Baroness Finlay of Llandaff: My Lords, I thank the Minister for that reply with which I am delighted. In relation to medical courses, does he recognise that students must complete their pre-registration year and that under the Medical Act the undergraduate dean is required to sign that they are fit to be fully registered? Without being able to complete that year in the UK, the undergraduate dean cannot verify the quality of practice of that doctor and that potentially devalues the degree that they will have obtained here. Do the Government intend to honour Recommendation 11 from Sir John Tooke’s inquiry that students who are UK graduates from overseas should be eligible for postgraduate training in this country as well, a recommendation that the Secretary of State at the time agreed to?

Lord West of Spithead: My Lords, I thank the noble Baroness for her questions. I was delighted to note from yesterday’s debate that people were pleased that we had shown flexibility in terms of the duration of time people would be here for a course. I will answer the questions in reverse order. Provision for postgraduate doctors and dentists with a place on a recognised foundation programme has been made under tier 4. In order to qualify, the applicant must have successfully completed a recognised United Kingdom degree in medicine or dentistry in a tier 4 institution, a UK publicly funded institution or a UK bona fide institution. I will come back in detail to the other point in writing because it is rather more complex and would take too long.

Baroness Gardner of Parkes: My Lords, I am aware that the visa system is now based on the Australian points system. While I welcome that, it is important that the Government realise that there is one big difference in terms of people who are destined to become world-famous artists, such as Joan Sutherland. They could never have achieved this if they were limited to a specific amount of time in the UK. No one goes to Australia to become world famous but they come from many countries to achieve greatness here. Does the present flexibility, which I welcome, extend to these potentially great artists?

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Lord West of Spithead: My Lords, I hesitate to comment on the importance of going to the Antipodes to become famous. On the noble Baroness’s specific point, I do not know the exact detail. As I understand it, there will be flexibility to achieve this. The aim of the points-based system is to enable us to have some of this flexibility, as is shown in the fact that we have already changed the length of time that a student can stay for a course. That shows that we can change the flexibility of those rules within the overarching tier system. Therefore, that will be there. If that is not the case, I will get back to the noble Baroness in writing.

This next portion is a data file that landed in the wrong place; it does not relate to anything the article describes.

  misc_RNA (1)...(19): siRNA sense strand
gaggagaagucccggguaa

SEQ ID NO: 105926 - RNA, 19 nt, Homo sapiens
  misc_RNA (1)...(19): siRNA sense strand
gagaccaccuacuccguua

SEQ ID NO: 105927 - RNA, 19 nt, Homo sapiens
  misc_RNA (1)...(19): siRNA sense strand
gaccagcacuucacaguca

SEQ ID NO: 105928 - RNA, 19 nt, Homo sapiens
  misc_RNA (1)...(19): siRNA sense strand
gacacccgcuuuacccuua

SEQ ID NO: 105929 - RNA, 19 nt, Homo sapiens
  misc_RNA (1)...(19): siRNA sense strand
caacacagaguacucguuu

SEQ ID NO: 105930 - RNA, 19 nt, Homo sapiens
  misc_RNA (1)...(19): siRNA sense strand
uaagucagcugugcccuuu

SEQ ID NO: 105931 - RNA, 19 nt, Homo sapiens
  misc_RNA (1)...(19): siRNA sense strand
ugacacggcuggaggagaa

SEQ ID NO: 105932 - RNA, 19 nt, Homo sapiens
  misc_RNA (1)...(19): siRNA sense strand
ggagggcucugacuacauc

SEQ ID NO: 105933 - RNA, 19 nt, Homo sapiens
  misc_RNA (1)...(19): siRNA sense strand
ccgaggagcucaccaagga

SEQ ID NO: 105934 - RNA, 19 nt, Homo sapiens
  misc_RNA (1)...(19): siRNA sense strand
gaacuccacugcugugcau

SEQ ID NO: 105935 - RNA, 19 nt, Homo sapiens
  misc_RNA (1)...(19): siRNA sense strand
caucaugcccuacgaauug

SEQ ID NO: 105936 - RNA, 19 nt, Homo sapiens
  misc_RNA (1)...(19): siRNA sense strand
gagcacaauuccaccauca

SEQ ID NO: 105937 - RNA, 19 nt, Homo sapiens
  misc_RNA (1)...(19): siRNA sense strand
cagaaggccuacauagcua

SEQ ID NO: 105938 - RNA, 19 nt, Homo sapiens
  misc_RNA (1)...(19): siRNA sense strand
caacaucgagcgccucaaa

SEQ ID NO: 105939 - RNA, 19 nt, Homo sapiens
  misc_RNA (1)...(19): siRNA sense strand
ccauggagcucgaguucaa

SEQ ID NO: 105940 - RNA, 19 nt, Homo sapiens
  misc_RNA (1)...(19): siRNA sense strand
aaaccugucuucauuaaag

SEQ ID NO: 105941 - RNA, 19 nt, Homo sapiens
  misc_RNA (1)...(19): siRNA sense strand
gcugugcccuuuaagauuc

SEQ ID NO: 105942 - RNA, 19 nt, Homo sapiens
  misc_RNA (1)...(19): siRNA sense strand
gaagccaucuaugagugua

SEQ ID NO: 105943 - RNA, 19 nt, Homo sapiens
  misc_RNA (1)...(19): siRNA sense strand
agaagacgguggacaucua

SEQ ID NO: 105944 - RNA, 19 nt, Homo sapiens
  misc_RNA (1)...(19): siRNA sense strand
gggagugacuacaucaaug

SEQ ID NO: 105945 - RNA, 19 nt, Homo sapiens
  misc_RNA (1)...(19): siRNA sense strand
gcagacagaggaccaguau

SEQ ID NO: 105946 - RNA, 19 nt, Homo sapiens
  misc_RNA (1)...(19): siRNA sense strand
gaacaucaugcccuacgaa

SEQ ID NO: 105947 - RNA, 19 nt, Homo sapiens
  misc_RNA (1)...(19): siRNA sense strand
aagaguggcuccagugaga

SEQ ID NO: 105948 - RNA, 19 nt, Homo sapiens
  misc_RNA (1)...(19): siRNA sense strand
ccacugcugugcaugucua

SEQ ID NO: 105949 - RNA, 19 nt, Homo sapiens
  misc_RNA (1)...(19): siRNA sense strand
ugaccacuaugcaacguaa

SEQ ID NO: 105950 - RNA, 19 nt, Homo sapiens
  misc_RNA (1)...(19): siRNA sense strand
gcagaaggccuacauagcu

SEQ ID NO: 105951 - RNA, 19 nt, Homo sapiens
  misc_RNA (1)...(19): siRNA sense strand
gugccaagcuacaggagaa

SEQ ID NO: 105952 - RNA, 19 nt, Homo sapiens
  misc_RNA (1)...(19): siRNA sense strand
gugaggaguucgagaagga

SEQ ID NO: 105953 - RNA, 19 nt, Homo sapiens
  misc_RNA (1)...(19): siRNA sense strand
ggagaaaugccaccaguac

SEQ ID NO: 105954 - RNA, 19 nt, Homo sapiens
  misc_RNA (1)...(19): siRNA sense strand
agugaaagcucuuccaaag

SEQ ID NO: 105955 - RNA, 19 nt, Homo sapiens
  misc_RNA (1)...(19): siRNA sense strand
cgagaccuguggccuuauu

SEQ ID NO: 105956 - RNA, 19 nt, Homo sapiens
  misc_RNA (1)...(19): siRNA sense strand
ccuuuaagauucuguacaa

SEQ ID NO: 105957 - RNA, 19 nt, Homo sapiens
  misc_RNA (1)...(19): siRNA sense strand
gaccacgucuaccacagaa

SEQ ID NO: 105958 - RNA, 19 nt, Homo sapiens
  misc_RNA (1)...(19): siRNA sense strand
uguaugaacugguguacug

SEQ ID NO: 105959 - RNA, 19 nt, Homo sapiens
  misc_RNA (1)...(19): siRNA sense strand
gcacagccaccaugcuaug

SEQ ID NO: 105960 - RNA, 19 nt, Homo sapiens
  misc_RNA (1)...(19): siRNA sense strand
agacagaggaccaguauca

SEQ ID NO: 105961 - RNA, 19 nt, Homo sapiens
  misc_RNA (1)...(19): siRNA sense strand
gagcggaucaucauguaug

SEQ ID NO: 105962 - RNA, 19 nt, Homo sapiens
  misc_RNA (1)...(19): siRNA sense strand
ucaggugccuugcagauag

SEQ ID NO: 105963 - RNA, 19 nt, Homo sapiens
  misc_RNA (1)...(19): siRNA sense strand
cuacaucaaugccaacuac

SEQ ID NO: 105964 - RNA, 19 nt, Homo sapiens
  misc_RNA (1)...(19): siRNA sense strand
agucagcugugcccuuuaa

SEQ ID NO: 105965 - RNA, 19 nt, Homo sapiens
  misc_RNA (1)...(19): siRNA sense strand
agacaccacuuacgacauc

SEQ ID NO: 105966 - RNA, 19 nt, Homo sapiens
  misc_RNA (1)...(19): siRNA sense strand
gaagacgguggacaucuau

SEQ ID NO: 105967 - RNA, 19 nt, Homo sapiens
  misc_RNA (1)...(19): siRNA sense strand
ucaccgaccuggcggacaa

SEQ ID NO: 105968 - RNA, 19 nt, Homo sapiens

Lord Wallace of Saltaire: My Lords, will the Minister pay some attention to the sensitivity with which officials in the Home Office implement this policy? As it happens, I heard this morning of an American student at the London School of Economics who was told by the Home Office at the beginning of January that if she did not finish her PhD by the end of February, her visa would be revoked. Does the Minister recall that in early January there was an interesting story in the Times, which said that more officials in the Obama Administration had studied at the London School of Economics than at any other British university? Sensitivity counts in these areas.

Lord West of Spithead: My Lords, I absolutely take that point. This whole area of education is so crucial for this country. As I mentioned in the debate last night, £2.5 billion in tuition fees alone comes into this country every year: not to mention all the cultural advantages and the fact that we have so many world leaders in all sorts of areas who have trained here. That is absolutely taken on board. I know that the Home Office is not known for sensitivity. Actually, I think it has become more sensitive, although I would not say that that is anything to do with me. I absolutely take the noble Lord’s point, and I will ensure that it gets fed back.

Baroness Hanham: My Lords, following up the Minister’s reply in our debate last night, will the Home Secretary’s recent announcement about limiting the number of immigrants coming here affect student applications, and if so how?

Lord West of Spithead: My Lords, the intention is that it will not limit the number of students coming here. In terms of the various tiers, as I am sure the noble Baroness is aware, low-skilled migration remains suspended at the moment. That is an area in which there is an immediate impact. There is some movement in the skilled area of tier 2, but so far as students go there is no intention to limit the numbers.